It’s been said that ignorance is bliss.
If that’s true, California voters must be an especially happy group, because their ignorance of state finances is massive and pervasive.
For years, the Public Policy Institute of California has slipped a couple of revealing questions into its periodic polling of California adults, particularly those who vote consistently.
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In one a questioner lists several major areas of state government spending and asks those being polled to rank them by size. Secondly, respondents are asked to list their own budgetary priorities.
Their answers – including those from the latest poll in January – consistently show that most believe that prisons get the most money, followed by health and human services, K-12 education and higher education. Very few respondents say they don’t know.
In fact, of those four major areas – which together constitute the vast majority of state general fund spending – schools by far get the most money, well over 40 percent, while prisons are last at about 9 percent.
Answers to the second question have been just as consistent – that K-12 education is the highest priority of voters, followed by health and human services, higher education and prisons.
In fact, therefore, the budget’s relative priorities are exactly those of voters – but they are blissfully ignorant of that, believing that schools are being neglected when they’ve enjoyed a 50 percent increase in per-pupil spending since Jerry Brown returned to the governorship six years ago.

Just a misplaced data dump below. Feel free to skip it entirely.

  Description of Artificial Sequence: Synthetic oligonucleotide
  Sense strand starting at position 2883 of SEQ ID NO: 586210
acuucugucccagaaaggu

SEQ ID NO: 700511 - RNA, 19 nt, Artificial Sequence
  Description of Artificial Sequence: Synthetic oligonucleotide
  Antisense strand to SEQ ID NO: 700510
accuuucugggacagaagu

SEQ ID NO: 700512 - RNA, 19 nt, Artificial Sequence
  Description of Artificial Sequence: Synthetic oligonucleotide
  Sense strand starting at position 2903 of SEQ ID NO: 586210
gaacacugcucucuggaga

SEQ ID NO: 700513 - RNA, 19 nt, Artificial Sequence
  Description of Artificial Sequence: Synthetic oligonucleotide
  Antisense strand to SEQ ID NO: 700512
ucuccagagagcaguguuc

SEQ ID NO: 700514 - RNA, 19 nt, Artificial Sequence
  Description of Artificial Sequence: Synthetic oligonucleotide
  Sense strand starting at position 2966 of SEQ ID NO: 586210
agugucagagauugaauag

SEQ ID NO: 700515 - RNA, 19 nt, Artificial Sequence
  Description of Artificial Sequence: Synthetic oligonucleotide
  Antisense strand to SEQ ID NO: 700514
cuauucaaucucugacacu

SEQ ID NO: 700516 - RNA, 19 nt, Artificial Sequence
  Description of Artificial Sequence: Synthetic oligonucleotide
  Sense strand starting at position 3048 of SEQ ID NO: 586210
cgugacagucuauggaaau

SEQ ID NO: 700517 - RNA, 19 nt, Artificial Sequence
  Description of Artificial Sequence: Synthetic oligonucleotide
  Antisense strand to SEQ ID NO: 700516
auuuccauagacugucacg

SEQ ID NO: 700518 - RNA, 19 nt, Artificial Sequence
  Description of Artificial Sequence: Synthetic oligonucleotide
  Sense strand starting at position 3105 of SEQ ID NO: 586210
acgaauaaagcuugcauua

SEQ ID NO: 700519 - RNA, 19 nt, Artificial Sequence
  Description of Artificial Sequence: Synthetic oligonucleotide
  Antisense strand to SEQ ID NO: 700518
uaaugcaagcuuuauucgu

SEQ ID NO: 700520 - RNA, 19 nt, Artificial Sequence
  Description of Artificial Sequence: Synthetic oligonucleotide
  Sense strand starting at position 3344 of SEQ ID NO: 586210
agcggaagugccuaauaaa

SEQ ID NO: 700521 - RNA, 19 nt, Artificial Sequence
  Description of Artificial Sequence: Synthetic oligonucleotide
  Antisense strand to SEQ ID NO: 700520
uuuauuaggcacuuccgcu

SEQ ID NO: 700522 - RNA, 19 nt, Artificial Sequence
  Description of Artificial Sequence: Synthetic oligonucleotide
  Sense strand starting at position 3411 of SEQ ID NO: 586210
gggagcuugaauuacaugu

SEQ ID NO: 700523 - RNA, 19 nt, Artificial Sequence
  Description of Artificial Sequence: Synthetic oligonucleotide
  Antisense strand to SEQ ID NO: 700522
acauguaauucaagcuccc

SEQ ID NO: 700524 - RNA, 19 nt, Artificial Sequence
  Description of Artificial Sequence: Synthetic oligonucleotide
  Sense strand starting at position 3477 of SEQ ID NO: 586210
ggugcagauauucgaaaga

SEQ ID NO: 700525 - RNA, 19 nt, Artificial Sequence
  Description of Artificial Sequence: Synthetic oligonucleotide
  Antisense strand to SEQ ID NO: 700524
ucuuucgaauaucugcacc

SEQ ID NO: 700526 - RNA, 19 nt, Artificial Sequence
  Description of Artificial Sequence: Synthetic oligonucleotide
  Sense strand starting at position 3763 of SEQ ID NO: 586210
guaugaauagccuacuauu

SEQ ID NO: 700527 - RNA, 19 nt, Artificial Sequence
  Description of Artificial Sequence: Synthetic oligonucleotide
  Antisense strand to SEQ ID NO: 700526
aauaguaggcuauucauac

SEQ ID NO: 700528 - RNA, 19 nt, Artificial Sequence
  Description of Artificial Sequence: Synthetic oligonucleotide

The PPIC poll also reveals that Democrats are markedly more likely to be wrong about budget reality than Republicans, with 46 percent believing that prisons get the biggest share of spending.
The situation is reminiscent of a now-common routine among late-night comedians in which passers-by are asked simple questions about history or politics that would completely stump them.
However, the effects of Californians’ ignorance about the basic facts of the state budget are not funny because they are carrying their misimpressions into the ballot box, voting on multibillion-dollar issues such as last year’s extension of higher taxes on the state’s highest-income taxpayers.
The campaigns for and against that measure, and many others, may be one reason for the pervasive ignorance. Advocates of new taxes, well aware that K-12 education is the highest priority of voters, spend millions of dollars implying that schools are being starved and that the proposed tax would benefit them.
It’s not a new ploy. Three decades ago, “schools win too” was the pledge of those promoting a state lottery and to this day, many Californians are convinced that the lottery is a major source of money for education when, in fact, its contribution to K-12 schools is minuscule.
The facts about how California spends its money are not a secret. But many, if not most, voters prefer to be blissfully ignorant, rather than take the time to educate themselves.